5

IINM my system is failing when bashing

for i in {0..10000000}; #   Seven zeroes.
do
    false;
done #   `bash` exited and its `tmux` pane/window was closed.

or

for i in $(seq 0 10000000); #   Seven zeroes.
do
    false;
done #   `bash` exited and its `tmux` pane/window was closed.

but not when

for i in {0..1000000}; #   Six zeroes.
do
    false;
done #   Finished correctly.

Can you please briefly explain the internals of this behavior and prompt a workaround for getting the task done?

2
  • 2
    For you my all loved XY friends, a big file with CRLFs only is what I am actually trying to get.
    – 41754
    Aug 27, 2014 at 12:28
  • Testing nl with lines alot, tabs and XY pow are what I got.
    – 41754
    Aug 27, 2014 at 12:48

2 Answers 2

11
+50

for i in {0..1000000} and for i in $(seq 1000000) both build up a big list and then loop over it. That's inefficient and uses a lot of memory.

Use:

for ((i = 0; i<= 1000000; i++))

instead. Or POSIXly:

i=0; while [ "$i" -le 1000000 ]; do
  ...
  i=$(($i + 1))
done

Or:

seq 1000000 | xargs...

To get a file full of CRLFs:

yes $'\r' | head -n 1000000 >  file

Generally, loops should be avoided when possible in shells.

4
  • 1
    there's also the old /dev/zero/ thing... like tr \\0 \\r </dev/zero | tee - - - | dd or head or whatever... It might be better to mount a tmpfs of that size and fill it then cp to a file. Maybe not...
    – mikeserv
    Aug 27, 2014 at 12:35
  • 3
    @mikeserv, yes Pourquoi faire simple quand on peut faire compliqué ? like they say in France. Aug 27, 2014 at 12:38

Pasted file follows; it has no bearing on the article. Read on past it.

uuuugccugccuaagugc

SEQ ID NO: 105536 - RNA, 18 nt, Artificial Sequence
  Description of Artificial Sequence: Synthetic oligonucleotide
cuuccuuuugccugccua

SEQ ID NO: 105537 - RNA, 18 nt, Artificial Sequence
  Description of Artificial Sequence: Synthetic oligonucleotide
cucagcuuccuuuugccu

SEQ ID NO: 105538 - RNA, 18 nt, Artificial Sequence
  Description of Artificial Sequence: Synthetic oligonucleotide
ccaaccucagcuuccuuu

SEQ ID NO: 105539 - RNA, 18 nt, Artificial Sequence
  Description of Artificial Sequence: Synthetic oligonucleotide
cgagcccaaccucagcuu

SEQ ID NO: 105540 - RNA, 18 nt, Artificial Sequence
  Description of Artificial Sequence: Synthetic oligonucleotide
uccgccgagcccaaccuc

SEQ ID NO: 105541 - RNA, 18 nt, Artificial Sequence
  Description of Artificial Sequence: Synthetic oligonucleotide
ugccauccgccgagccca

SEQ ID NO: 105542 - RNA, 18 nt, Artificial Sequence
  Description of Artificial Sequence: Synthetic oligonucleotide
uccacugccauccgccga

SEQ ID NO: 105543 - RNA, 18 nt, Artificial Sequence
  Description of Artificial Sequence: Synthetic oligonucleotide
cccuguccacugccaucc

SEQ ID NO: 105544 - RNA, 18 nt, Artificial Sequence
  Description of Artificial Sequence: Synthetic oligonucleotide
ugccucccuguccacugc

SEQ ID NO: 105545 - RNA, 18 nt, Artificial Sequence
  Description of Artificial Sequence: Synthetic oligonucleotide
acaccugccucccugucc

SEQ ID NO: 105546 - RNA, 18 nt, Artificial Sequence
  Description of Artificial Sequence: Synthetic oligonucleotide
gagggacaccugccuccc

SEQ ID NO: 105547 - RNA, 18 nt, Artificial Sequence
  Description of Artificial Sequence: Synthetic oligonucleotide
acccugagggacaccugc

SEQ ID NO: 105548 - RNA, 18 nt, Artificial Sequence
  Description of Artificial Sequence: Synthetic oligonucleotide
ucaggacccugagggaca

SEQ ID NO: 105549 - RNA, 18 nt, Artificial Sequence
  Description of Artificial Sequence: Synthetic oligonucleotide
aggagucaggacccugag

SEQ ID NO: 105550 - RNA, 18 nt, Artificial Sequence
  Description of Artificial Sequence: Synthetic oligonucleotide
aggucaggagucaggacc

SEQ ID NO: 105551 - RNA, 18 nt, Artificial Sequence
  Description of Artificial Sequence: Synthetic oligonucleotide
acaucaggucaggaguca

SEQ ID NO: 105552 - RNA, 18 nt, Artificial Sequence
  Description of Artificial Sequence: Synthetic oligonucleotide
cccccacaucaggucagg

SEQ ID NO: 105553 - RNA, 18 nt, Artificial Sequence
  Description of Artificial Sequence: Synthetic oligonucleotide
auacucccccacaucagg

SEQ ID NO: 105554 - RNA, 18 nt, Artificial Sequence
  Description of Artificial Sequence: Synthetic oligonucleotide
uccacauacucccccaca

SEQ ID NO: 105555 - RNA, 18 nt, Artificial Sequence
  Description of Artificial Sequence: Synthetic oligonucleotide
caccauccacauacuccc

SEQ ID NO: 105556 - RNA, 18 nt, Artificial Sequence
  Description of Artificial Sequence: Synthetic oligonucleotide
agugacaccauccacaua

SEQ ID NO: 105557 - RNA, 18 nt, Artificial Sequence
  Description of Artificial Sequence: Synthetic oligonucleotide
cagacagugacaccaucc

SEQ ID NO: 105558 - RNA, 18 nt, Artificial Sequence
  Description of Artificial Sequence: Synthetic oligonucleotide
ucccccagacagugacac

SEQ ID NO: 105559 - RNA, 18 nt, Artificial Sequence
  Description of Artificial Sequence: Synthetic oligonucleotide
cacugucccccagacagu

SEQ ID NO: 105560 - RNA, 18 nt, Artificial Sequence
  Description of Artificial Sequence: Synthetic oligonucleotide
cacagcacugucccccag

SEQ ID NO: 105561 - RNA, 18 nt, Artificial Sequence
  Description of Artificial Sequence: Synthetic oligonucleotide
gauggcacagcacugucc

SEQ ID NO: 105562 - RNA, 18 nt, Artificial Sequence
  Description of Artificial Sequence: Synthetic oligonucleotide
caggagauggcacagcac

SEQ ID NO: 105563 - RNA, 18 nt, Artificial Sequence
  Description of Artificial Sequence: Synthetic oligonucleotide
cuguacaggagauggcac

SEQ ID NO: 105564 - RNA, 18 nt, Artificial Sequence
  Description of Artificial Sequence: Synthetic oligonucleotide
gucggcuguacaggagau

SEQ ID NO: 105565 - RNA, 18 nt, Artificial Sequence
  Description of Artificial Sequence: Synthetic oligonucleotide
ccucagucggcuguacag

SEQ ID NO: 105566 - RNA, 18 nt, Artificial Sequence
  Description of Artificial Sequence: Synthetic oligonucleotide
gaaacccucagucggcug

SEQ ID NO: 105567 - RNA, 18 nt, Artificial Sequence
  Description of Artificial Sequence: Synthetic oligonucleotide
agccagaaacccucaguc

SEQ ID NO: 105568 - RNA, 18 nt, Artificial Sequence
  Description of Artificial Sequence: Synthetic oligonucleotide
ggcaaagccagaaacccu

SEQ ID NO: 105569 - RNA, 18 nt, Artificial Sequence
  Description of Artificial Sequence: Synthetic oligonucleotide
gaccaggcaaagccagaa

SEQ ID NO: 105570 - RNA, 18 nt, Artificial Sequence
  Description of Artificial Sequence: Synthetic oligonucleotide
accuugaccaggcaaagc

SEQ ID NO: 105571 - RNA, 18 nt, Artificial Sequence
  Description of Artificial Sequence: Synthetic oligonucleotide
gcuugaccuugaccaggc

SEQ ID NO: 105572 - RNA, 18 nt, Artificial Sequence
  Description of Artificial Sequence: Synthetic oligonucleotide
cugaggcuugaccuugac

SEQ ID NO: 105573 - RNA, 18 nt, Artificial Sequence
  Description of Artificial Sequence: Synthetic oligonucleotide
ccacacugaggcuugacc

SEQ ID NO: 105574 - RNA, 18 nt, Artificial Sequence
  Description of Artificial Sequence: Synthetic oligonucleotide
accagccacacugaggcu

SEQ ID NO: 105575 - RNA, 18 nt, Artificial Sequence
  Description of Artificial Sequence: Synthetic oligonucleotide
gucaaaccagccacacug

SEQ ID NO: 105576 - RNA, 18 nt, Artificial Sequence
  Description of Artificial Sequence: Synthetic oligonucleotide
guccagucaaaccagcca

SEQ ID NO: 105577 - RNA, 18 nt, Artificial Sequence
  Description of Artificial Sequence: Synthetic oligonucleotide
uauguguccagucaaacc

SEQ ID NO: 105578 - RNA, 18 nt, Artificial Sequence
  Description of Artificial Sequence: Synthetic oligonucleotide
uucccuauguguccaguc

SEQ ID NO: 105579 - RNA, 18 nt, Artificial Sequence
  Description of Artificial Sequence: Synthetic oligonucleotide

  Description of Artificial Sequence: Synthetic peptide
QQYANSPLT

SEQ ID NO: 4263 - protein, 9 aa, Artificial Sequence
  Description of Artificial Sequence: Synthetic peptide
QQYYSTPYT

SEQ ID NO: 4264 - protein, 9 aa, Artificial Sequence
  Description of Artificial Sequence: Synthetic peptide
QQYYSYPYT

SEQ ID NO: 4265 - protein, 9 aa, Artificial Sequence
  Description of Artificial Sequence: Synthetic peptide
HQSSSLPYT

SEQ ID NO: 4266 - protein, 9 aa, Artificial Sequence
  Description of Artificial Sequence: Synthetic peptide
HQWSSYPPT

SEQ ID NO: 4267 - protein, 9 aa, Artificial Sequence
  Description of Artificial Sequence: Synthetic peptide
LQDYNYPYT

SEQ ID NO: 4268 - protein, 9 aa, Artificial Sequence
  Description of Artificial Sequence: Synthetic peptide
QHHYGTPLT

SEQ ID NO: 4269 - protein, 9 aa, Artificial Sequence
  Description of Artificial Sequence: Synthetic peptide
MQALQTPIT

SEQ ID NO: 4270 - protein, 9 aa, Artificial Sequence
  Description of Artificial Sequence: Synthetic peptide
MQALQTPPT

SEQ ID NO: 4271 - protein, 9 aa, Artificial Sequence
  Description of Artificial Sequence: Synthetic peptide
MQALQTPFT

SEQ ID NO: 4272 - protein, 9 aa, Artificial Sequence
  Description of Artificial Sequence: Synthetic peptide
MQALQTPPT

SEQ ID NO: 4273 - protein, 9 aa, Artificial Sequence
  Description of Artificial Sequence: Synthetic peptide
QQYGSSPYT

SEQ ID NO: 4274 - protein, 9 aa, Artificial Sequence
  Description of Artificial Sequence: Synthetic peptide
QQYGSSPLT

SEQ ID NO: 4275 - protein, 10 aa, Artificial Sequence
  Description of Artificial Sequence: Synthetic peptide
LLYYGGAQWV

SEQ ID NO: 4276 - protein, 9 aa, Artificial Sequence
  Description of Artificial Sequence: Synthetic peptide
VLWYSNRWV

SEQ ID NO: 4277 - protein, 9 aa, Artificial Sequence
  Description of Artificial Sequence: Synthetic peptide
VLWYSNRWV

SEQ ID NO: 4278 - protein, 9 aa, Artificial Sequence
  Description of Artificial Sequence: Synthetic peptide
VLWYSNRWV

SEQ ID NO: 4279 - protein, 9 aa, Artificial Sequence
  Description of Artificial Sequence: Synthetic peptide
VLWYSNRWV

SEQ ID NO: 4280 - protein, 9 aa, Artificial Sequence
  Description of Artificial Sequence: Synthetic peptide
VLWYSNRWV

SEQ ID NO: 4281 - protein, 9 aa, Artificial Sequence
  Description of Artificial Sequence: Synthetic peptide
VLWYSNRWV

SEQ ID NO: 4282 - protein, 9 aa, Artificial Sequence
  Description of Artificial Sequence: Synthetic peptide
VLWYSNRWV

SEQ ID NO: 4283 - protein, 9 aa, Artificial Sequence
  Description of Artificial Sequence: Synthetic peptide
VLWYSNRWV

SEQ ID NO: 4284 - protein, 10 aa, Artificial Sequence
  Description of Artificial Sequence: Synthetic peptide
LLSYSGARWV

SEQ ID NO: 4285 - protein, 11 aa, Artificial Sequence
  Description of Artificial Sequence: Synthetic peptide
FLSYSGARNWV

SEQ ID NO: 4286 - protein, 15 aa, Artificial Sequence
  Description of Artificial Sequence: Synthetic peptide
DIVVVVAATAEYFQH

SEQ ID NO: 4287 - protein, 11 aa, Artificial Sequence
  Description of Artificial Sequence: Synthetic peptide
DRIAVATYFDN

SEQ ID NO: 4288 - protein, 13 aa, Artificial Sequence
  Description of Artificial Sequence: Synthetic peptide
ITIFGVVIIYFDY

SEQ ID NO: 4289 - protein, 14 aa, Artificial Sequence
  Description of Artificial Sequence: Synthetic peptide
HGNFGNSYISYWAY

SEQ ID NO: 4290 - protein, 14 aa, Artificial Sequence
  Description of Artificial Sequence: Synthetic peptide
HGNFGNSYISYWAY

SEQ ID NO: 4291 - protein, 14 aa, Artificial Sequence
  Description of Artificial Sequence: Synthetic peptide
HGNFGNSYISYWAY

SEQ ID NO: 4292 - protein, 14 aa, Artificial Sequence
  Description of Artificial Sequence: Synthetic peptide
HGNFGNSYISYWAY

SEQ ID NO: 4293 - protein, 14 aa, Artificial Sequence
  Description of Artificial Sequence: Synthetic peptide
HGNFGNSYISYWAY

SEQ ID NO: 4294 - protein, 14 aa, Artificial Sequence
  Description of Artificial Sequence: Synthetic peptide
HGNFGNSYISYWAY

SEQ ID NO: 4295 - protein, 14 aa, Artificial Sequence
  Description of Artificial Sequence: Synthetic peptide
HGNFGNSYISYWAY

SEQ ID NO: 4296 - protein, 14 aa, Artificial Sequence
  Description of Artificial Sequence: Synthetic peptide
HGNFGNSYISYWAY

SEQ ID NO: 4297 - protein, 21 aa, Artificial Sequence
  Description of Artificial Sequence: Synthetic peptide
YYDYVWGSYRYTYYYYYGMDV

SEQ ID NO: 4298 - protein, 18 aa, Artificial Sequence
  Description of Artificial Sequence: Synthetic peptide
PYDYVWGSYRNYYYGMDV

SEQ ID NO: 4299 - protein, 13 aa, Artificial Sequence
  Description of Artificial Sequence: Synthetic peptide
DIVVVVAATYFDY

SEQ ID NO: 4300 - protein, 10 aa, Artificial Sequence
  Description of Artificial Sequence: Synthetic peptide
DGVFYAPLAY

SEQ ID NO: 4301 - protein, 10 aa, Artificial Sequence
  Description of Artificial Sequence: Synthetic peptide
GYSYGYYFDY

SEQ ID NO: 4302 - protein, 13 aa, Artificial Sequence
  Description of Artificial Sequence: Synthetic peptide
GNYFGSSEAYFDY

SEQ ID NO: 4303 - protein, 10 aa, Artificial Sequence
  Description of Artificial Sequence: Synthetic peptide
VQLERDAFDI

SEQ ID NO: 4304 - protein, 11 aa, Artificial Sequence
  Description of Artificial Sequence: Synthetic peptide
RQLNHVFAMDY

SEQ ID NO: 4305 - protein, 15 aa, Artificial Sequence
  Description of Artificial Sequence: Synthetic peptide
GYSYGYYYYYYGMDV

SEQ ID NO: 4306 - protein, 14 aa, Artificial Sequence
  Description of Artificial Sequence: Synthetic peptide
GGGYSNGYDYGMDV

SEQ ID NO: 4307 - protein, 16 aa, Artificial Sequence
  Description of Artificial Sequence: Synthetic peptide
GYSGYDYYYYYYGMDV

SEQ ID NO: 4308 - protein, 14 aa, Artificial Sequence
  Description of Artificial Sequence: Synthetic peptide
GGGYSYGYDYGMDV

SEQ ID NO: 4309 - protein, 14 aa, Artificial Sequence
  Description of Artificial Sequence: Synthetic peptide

• dang man. you really are a funny guy sometimes. now I have to translate that... ahh. the double entendre. that's probably French too. and, yeah, I dunno why I do. but I do.
    – mikeserv
    Aug 27, 2014 at 12:39
  • Telling you to work a pearl for it.
    – 41754
    Aug 27, 2014 at 12:41
1

@Stéphane Chazelas gave a great answer up there.

Mine is not an answer. I just it got curious about the efficiency of the different solutions, so I thought I should share my results...

~# i=0 ; time while [ "$i" -le 1000000 ]; do ((i++)) ;done
real    0m21.753s

~# time for ((i = 0; i<= 1000000; i++))  ;do : ;done
real    0m15.791s

~# time for i in {0..1000000} ;do : ;done
real    0m8.897s

~# time for i in $(seq 0 1000000) ;do : ;done
real    0m7.760s

:~# time seq 1000000 | xargs true
real    0m0.938s

~# time yes $'\r' | head -n 1000000 >/dev/null
real    0m0.048s

The yes answer is the clear winner. :-) Besides, it actually does the work that the OP needed.

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